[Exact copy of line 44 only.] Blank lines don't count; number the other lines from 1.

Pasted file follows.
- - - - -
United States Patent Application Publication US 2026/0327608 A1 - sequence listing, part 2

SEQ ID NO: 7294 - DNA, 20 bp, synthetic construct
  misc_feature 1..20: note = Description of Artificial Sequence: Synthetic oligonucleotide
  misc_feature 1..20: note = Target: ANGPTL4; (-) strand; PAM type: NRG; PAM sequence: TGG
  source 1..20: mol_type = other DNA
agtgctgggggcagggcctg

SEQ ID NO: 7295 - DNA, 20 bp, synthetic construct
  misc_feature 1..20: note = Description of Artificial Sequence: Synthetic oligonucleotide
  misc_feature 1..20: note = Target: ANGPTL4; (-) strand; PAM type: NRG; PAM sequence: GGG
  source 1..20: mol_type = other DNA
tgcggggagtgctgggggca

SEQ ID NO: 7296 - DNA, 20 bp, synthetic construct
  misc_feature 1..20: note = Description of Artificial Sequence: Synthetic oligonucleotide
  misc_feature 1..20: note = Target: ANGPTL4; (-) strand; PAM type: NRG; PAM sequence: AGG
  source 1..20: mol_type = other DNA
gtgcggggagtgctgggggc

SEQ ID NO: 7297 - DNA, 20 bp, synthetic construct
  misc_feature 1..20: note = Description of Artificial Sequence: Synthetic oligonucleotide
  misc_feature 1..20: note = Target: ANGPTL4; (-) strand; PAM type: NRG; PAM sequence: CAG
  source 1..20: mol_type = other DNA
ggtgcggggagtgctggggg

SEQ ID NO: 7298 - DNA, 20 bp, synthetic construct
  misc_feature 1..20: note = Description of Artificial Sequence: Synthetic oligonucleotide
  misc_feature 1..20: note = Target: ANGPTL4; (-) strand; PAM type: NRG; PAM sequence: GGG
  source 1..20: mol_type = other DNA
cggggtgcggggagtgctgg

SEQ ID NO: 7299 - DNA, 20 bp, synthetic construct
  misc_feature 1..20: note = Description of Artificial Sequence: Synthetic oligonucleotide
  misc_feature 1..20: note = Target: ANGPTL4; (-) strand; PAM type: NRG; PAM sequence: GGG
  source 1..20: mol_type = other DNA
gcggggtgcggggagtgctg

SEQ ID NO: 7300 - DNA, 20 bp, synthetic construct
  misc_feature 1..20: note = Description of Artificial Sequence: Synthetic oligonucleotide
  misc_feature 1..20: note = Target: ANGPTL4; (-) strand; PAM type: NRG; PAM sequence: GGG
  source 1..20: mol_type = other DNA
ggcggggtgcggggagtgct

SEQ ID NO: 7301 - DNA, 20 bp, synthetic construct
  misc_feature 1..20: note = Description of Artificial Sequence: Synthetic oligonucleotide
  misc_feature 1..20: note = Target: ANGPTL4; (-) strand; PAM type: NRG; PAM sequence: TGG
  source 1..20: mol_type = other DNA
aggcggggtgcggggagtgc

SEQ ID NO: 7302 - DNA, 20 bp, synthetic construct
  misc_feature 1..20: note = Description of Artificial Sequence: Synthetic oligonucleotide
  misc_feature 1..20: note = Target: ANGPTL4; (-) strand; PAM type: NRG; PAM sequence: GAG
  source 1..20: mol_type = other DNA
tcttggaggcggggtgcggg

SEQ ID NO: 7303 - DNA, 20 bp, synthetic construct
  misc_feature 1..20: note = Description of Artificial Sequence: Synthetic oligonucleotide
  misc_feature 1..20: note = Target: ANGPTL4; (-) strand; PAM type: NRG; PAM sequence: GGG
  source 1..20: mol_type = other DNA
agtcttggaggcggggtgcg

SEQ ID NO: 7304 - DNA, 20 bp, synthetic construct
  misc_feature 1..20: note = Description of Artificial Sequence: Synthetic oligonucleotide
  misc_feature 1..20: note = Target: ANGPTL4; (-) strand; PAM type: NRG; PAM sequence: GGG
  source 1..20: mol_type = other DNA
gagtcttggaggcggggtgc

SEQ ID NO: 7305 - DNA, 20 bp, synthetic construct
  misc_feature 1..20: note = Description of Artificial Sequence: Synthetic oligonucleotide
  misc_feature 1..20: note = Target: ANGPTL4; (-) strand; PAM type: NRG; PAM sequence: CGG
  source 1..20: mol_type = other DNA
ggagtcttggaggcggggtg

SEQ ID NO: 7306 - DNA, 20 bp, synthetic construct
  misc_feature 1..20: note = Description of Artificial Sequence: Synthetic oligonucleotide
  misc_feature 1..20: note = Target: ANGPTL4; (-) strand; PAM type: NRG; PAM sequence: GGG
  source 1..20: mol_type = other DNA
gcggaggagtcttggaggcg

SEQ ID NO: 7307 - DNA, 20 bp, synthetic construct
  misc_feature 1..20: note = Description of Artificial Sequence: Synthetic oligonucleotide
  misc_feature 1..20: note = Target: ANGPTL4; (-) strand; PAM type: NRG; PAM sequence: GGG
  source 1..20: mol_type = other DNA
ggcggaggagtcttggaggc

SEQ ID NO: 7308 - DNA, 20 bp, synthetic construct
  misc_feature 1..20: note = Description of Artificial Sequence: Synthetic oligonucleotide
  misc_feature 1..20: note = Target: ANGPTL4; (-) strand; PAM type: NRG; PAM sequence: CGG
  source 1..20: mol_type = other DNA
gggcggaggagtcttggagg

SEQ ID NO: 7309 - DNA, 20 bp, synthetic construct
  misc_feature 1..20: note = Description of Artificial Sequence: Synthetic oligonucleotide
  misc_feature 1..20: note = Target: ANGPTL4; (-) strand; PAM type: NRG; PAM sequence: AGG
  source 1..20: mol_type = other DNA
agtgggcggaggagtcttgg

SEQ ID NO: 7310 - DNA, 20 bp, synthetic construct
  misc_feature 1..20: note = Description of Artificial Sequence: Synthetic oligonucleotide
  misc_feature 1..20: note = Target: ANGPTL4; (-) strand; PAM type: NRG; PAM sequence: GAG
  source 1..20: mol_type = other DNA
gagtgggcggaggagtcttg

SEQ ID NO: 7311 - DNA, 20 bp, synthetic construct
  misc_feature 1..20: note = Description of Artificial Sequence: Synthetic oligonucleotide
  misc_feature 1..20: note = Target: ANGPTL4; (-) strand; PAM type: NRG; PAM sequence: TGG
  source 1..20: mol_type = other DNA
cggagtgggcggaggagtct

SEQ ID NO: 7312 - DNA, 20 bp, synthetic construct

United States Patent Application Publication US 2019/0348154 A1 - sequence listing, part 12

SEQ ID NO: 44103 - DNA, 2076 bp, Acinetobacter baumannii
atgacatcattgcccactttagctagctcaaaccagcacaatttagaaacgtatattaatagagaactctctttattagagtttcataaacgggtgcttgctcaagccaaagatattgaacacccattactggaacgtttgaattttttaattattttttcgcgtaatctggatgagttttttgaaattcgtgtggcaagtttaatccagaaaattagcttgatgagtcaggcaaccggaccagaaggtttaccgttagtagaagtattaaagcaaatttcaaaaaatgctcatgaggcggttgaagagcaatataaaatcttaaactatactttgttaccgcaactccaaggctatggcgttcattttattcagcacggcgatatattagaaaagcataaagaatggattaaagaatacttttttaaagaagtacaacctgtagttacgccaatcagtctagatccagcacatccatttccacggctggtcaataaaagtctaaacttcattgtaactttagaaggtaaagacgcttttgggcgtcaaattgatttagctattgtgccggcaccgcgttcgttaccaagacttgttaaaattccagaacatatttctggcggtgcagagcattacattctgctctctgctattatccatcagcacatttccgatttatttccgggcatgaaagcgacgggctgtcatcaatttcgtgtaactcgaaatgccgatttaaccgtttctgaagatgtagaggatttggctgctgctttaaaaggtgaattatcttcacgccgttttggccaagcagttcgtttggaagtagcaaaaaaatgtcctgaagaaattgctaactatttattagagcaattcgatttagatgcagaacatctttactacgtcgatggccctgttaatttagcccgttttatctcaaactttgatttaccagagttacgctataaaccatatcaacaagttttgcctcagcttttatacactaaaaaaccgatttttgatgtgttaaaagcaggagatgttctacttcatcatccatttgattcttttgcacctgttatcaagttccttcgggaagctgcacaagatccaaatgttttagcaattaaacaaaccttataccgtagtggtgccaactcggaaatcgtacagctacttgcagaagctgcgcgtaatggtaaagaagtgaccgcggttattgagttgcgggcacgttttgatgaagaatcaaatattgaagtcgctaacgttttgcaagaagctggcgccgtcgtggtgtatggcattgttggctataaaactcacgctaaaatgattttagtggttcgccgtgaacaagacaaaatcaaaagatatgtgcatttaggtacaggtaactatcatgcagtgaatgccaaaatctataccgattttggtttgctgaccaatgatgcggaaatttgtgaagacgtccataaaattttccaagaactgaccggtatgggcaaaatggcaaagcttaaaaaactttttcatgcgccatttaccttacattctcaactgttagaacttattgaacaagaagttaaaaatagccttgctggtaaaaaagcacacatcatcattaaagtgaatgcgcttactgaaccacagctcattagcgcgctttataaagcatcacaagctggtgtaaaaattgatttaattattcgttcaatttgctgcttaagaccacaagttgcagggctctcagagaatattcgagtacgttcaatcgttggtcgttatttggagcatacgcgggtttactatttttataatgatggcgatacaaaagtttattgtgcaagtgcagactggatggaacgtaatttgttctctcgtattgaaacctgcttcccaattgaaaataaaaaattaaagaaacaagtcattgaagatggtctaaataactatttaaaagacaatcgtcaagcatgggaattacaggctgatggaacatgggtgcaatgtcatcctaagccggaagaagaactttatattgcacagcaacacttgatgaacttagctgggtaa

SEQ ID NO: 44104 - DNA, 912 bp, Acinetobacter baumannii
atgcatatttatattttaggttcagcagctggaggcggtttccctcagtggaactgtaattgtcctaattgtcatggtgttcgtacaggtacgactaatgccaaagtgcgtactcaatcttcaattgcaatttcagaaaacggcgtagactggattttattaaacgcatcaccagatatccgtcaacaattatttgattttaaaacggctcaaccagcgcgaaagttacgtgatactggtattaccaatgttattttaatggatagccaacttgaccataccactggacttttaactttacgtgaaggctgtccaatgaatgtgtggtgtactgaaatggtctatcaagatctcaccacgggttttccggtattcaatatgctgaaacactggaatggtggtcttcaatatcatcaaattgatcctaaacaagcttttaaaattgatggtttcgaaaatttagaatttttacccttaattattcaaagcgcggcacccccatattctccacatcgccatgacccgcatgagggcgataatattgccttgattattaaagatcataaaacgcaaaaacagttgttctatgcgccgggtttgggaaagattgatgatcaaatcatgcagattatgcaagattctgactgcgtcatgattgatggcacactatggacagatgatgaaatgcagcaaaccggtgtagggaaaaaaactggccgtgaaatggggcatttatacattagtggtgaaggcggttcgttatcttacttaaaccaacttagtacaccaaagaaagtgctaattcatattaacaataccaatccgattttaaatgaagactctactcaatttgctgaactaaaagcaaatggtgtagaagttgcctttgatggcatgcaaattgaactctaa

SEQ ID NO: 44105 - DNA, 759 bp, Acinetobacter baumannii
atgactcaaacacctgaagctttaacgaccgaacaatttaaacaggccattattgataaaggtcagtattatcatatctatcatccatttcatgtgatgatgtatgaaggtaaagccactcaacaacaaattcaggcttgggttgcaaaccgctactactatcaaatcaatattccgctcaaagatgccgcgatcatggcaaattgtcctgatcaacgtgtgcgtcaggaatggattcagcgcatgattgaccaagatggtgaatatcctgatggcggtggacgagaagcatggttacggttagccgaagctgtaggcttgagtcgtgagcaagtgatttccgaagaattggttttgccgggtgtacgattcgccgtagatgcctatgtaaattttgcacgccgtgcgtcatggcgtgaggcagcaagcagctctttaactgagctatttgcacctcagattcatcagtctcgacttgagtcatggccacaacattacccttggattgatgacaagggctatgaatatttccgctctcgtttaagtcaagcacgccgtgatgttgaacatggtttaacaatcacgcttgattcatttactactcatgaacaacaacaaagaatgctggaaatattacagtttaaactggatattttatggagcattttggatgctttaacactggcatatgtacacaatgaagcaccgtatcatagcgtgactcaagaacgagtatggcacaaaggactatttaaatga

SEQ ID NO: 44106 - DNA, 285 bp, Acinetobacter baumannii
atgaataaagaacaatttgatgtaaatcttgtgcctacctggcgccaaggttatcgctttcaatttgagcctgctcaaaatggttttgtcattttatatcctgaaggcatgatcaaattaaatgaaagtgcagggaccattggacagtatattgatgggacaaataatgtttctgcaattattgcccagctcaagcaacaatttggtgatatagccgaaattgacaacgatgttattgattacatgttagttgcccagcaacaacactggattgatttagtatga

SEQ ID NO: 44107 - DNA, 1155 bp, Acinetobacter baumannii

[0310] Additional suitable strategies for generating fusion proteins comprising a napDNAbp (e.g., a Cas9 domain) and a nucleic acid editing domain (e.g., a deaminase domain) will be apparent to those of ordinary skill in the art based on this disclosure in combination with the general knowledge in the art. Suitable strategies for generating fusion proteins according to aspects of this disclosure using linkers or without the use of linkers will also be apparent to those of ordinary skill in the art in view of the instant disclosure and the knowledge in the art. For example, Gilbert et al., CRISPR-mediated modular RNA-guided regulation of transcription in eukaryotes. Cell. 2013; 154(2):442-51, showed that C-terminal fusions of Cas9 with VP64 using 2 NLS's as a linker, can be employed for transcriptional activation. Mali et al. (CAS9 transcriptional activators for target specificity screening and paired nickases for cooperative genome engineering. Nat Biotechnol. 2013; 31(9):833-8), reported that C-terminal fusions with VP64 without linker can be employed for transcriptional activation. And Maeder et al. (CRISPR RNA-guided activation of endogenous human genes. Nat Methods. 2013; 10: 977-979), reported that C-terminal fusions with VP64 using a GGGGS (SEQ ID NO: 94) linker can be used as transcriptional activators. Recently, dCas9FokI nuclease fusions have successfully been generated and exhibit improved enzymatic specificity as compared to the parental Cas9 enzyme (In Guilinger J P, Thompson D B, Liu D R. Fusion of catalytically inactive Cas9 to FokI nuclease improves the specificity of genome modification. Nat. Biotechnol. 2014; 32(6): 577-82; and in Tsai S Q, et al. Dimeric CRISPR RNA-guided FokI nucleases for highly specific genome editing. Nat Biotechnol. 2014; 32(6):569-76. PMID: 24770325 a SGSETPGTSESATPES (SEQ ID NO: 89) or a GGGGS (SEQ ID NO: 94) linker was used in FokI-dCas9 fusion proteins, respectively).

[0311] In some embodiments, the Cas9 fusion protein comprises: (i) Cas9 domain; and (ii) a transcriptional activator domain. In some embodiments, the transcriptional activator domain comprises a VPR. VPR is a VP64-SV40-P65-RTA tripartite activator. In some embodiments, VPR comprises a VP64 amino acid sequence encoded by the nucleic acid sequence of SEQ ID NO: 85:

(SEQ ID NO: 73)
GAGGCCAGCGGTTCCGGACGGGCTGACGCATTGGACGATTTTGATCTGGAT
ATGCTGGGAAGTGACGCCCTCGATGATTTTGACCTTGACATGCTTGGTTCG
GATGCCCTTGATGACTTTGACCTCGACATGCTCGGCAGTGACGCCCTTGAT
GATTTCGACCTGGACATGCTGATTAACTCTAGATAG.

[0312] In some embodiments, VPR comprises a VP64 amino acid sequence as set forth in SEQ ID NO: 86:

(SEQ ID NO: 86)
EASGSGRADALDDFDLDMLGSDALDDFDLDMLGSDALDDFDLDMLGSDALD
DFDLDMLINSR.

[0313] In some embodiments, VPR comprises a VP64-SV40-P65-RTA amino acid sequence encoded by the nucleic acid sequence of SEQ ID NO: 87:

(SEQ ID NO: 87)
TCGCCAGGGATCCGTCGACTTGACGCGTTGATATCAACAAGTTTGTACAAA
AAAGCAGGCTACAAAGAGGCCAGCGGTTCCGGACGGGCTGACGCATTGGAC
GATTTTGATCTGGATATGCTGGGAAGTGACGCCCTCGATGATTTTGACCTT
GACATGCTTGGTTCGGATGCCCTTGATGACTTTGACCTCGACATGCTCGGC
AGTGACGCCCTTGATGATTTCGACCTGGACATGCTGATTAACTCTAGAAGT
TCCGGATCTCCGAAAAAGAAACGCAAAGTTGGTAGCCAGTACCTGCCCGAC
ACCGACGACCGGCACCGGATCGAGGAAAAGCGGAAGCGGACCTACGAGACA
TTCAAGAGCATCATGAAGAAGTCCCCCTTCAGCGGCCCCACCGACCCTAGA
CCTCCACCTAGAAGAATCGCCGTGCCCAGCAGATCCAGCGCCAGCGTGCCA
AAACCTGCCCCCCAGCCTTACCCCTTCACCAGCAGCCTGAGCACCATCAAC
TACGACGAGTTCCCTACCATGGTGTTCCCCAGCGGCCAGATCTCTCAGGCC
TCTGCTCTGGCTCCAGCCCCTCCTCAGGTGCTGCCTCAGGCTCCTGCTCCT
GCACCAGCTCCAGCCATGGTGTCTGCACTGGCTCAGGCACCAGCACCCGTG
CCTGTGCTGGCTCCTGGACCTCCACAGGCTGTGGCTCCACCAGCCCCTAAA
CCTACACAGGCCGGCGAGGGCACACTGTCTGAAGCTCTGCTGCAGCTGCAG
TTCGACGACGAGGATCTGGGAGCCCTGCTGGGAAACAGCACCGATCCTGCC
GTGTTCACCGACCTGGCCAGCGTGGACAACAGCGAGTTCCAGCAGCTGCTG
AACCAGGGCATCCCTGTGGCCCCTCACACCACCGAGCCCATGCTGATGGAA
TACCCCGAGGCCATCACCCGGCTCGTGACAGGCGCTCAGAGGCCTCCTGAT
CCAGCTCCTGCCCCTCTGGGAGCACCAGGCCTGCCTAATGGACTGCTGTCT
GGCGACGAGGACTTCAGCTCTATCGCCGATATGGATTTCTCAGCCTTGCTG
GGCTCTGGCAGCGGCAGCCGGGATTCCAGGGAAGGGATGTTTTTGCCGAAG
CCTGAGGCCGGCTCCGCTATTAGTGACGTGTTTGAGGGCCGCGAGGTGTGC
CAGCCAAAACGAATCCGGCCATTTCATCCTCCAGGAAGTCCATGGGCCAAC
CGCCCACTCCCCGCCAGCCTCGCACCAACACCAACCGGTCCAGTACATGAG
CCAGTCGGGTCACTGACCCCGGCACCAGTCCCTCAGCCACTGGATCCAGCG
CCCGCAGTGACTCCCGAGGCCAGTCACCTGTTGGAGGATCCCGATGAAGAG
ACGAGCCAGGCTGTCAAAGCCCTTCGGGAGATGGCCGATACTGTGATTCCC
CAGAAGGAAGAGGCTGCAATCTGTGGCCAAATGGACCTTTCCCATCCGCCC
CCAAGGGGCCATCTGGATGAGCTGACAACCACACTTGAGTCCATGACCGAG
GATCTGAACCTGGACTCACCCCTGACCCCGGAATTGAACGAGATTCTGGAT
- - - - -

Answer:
  misc_feature 1..20: note = Target: ANGPTL4; (-) strand; PAM type: NRG; PAM sequence: GAG